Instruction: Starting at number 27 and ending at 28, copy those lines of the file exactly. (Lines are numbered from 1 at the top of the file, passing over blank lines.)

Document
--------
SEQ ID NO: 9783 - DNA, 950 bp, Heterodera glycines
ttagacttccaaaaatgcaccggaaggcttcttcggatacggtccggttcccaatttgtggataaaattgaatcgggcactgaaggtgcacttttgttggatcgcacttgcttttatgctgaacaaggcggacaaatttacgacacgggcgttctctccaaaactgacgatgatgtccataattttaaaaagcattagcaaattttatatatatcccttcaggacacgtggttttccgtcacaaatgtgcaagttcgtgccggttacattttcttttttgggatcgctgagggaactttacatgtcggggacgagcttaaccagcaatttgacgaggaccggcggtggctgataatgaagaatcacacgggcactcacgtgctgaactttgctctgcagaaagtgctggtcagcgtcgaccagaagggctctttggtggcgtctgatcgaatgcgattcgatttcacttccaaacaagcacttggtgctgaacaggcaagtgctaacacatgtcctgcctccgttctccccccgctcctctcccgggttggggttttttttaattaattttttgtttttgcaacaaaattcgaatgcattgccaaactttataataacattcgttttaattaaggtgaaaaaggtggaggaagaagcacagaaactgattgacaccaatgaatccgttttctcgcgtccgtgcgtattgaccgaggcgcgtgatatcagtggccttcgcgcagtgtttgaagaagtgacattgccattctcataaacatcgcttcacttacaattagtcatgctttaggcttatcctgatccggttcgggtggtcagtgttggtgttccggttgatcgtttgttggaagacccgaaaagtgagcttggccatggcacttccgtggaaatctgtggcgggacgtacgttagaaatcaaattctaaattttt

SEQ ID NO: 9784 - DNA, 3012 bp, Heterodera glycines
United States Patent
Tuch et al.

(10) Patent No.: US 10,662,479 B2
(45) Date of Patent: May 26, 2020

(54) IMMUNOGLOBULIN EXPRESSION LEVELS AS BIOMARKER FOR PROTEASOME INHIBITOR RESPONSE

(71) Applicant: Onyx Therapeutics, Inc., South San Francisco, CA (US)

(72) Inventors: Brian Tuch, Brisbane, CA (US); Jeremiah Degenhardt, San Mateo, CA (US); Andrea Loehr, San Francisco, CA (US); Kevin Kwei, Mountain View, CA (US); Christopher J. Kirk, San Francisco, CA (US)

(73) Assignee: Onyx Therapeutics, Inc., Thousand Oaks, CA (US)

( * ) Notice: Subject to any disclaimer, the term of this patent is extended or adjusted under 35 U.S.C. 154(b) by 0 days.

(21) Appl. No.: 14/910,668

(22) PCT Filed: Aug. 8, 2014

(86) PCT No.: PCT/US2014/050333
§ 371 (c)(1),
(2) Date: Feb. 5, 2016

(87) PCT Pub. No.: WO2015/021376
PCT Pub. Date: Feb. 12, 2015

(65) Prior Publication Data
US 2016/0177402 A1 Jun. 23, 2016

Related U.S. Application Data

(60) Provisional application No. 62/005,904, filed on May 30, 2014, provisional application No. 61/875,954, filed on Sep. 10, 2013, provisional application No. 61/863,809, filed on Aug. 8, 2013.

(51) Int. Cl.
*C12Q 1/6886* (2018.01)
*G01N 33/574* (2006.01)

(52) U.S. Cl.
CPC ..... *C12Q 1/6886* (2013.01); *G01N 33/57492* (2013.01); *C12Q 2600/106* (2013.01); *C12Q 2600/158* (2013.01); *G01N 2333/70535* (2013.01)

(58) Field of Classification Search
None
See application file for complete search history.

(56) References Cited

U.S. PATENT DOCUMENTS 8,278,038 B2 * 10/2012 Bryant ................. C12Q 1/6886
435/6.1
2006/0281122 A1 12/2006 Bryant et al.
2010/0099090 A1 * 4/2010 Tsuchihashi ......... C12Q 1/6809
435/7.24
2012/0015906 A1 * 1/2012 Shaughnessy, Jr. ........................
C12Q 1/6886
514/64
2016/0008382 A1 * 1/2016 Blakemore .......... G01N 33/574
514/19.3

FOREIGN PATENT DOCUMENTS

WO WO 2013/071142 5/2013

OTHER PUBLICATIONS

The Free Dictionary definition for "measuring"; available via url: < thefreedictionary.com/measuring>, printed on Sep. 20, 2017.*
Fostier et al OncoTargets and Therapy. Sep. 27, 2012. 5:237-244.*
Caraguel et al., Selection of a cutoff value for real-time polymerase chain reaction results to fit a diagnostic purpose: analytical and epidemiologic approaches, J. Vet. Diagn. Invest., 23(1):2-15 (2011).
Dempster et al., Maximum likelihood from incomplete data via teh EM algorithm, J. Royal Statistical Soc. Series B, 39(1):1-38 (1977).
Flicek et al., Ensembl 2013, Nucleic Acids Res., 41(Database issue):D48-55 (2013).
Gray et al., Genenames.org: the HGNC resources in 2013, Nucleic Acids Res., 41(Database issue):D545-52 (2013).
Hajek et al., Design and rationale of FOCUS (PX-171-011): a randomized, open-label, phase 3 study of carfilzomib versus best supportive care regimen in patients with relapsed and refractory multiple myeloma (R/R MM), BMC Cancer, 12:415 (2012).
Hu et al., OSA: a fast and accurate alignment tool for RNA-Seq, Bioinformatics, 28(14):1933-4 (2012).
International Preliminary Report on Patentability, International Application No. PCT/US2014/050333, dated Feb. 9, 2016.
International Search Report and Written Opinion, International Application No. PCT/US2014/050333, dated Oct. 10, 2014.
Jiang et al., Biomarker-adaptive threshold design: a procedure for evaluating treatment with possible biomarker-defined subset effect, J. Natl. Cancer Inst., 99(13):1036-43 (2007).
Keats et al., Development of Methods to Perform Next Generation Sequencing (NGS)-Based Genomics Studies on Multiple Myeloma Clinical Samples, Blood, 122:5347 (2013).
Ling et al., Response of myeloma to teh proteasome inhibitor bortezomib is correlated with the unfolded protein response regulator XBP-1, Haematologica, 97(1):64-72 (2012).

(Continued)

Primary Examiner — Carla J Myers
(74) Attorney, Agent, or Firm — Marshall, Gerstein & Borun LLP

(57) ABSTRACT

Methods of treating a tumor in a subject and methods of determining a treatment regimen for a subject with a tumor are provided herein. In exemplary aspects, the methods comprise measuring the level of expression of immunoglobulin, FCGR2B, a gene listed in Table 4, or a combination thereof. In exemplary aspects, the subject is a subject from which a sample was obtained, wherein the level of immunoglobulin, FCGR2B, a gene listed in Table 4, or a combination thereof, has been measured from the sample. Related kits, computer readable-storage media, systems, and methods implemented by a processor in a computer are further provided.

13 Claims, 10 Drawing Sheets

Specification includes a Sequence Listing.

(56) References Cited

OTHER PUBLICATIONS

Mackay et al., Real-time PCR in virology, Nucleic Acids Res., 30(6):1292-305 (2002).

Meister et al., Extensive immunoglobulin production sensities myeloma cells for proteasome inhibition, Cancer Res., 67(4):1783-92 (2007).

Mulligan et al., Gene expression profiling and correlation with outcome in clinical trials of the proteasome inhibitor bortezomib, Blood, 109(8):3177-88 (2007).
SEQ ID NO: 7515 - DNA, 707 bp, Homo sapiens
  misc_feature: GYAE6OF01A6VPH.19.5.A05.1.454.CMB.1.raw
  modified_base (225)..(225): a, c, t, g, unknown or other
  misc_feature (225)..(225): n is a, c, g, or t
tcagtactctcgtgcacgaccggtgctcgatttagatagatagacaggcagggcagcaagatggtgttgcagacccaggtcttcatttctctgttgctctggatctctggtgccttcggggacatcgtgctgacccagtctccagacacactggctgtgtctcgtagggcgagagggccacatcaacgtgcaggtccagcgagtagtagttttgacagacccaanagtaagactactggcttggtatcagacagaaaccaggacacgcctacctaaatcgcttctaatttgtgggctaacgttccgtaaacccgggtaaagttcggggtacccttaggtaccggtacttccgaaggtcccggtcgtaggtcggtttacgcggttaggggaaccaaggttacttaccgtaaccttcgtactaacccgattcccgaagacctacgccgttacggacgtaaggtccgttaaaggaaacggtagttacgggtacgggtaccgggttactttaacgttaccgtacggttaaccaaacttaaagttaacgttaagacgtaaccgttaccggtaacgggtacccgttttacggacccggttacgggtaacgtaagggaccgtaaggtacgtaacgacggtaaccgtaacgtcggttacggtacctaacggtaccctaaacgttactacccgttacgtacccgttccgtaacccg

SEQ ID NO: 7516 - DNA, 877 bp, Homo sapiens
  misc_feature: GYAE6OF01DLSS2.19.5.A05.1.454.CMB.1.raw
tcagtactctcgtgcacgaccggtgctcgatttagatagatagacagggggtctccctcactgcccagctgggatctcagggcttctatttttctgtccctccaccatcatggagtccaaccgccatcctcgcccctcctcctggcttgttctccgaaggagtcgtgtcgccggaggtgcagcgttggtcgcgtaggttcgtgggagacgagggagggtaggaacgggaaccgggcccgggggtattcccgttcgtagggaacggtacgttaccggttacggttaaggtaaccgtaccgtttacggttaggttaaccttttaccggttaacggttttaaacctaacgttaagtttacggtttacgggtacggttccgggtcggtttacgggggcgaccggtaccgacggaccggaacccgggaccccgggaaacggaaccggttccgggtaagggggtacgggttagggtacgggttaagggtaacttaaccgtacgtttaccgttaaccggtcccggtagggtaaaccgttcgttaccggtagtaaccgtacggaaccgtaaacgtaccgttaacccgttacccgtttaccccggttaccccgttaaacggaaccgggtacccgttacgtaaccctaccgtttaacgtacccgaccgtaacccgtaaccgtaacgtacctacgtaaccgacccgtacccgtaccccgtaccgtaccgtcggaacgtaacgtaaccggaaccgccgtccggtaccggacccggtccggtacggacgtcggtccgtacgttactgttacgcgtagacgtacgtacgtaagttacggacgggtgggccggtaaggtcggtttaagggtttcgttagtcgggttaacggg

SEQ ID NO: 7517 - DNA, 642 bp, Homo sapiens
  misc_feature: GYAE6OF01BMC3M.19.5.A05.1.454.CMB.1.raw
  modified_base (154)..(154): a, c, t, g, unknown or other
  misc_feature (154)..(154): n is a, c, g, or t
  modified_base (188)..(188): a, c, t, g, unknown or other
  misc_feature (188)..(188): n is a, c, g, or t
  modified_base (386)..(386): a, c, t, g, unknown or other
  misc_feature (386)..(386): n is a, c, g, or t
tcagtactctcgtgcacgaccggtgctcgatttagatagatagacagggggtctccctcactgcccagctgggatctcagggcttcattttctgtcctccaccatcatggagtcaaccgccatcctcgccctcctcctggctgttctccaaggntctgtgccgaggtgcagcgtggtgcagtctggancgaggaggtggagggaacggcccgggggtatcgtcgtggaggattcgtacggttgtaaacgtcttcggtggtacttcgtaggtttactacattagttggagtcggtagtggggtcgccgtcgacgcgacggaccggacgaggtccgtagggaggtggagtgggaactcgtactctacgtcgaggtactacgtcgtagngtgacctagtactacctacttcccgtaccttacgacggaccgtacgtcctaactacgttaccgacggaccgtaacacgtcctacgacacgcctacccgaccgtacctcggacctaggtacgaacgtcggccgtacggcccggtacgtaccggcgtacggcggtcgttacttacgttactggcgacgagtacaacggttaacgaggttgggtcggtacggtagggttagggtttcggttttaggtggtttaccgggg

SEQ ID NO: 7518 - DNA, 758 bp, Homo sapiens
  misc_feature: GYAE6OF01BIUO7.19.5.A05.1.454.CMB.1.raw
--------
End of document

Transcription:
(52) U.S. Cl.
CPC ..... *C12Q 1/6886* (2013.01); *G01N 33/57492* (2013.01); *C12Q 2600/106* (2013.01); *C12Q 2600/158* (2013.01); *G01N 2333/70535* (2013.01)